This report was written by Acacia Shields, senior researcher on Central Asia. Research for the report was conducted by Acacia Shields and Jane Buchanan, Caucasus researcher. The report was edited by Rachel Denber, deputy director of the Europe and Central Asia division, Janet Walsh, deputy director of the Women’s Rights division, Dinah PoKempner, general counsel, and Ian Gorvin, consultant to the Program division. Lois Whitman, director of the Children’s Rights division, and Veronika Szente-Goldston, advocacy director for the Europe and Central Asia division, also reviewed sections of the report. Additional editorial assistance was provided by Holly Cartner, executive director of the Europe and Central Asia division.

Inara Gulpe-Laganovska, coordinator in the Europe and Central Asia division, provided valuable research and technical assistance. Additional research assistance was provided by Human Rights Watch consultants Gulnara Zaynullina and Sardar Bagishbekov, and by Tatiana Li, press and public information officer at the OSCE Centre in Bishkek. Nadira Eshmatova, executive director of the Youth Human Rights Group, and Nurgul Asylbekova, ethnic development and women’s programs coordinator of the Soros Foundation-Kyrgyzstan, provided valuable advice and support.

Human Rights Watch appreciates the cooperation provided to us by the many women’s rights groups and individual rights defenders who spoke with us for this report and who assisted our researchers in identifying persons to be interviewed. We particularly appreciate the cooperation of the NGOs Sezim, Chance, Diamond and the Kyrgyz Committee for Human Rights (KCHR) in Bishkek; Tendesh and Bakubat in Naryn; Spravedlivost and the Association of Women Leaders in Jalal Abad; Ailzat in Osh; and Accent in Tiup (Issyk-Kul province). We also thank independent activists Uliana Aitbaeva, Jamila Kaparova, and Gulnara Mataeva for their cooperation and assistance.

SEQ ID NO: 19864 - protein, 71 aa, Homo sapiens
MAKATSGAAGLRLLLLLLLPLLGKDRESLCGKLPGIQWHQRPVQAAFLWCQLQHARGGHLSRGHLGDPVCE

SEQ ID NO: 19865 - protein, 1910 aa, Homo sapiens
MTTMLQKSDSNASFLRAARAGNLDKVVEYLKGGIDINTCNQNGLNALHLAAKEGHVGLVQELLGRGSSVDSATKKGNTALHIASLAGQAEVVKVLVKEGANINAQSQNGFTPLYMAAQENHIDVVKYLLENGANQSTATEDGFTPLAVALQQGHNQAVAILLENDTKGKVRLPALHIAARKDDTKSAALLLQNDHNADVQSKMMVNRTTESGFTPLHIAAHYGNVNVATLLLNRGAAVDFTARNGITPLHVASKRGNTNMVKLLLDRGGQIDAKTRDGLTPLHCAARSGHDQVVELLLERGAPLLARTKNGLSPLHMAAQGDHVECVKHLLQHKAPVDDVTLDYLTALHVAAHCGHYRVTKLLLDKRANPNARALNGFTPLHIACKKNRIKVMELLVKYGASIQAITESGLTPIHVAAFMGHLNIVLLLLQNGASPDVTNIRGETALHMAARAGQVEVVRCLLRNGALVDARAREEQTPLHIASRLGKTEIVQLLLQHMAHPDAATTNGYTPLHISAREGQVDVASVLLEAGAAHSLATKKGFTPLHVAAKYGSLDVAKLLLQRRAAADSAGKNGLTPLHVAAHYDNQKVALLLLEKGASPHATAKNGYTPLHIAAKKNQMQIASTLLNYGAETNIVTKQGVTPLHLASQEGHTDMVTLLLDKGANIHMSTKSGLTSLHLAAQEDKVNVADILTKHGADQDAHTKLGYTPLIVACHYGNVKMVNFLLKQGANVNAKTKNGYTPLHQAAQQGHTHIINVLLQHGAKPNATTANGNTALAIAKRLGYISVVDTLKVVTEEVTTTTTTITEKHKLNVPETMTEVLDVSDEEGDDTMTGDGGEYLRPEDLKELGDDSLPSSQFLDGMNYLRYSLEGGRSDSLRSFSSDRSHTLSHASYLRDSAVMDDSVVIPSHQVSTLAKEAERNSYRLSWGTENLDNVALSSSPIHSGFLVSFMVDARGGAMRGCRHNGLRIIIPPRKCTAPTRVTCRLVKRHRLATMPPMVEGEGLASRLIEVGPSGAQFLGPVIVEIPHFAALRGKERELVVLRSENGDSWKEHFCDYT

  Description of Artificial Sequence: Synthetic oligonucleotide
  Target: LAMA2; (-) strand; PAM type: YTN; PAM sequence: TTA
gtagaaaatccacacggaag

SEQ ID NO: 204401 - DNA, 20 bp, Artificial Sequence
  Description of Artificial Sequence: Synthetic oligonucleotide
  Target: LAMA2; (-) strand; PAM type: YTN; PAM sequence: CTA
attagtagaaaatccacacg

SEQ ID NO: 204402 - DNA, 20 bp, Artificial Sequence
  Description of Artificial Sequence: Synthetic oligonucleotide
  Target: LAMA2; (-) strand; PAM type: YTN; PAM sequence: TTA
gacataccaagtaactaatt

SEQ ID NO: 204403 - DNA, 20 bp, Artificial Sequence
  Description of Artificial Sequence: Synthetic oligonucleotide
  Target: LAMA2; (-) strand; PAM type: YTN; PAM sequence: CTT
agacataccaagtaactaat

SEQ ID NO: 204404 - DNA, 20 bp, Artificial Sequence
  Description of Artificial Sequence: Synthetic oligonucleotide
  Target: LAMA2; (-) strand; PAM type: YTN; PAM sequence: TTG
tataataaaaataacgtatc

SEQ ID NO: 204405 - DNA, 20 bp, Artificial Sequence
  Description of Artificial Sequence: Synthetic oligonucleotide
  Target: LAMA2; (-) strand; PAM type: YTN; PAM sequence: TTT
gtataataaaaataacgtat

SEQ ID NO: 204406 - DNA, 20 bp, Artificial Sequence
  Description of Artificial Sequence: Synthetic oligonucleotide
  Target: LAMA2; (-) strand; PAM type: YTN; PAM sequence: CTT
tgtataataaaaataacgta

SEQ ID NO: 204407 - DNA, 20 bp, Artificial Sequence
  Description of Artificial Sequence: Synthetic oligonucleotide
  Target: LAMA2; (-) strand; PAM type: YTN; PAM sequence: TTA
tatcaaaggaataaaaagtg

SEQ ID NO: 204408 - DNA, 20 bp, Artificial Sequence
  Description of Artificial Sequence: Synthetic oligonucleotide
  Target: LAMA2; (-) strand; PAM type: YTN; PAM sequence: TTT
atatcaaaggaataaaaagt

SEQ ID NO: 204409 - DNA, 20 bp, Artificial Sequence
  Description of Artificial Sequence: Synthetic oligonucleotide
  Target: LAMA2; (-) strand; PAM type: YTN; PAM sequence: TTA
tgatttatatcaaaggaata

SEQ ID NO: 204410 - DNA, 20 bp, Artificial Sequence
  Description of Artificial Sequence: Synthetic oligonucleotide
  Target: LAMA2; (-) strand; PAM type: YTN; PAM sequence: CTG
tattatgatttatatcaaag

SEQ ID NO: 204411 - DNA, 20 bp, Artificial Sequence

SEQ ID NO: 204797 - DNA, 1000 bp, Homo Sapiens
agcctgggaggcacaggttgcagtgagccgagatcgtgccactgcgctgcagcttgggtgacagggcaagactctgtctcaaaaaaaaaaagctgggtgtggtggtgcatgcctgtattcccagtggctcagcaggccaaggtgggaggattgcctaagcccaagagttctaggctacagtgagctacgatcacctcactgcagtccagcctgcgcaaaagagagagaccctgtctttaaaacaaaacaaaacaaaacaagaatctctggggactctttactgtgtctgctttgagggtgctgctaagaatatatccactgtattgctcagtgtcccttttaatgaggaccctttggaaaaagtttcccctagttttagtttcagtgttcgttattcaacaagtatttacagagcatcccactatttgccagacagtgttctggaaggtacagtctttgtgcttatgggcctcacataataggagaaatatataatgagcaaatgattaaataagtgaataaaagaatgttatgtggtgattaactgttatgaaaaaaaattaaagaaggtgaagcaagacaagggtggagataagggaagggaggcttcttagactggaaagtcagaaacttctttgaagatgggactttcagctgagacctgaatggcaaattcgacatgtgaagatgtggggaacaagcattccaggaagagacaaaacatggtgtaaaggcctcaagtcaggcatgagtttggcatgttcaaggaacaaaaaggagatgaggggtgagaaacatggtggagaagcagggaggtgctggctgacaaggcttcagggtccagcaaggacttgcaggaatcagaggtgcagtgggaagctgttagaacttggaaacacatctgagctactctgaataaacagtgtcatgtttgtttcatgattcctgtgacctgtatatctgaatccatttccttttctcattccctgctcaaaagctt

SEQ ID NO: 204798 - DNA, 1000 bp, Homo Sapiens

We are forever grateful to the women whose stories appear in this report. We are humbled by their trust in us to communicate their experiences and we share their hope that this report will amount to one of the many steps needed to promote change and prevent future acts of violence against women in Kyrgyzstan.

Human Rights Watch sincerely thanks the Open Society Institute for its generous support of our work in Central Asia.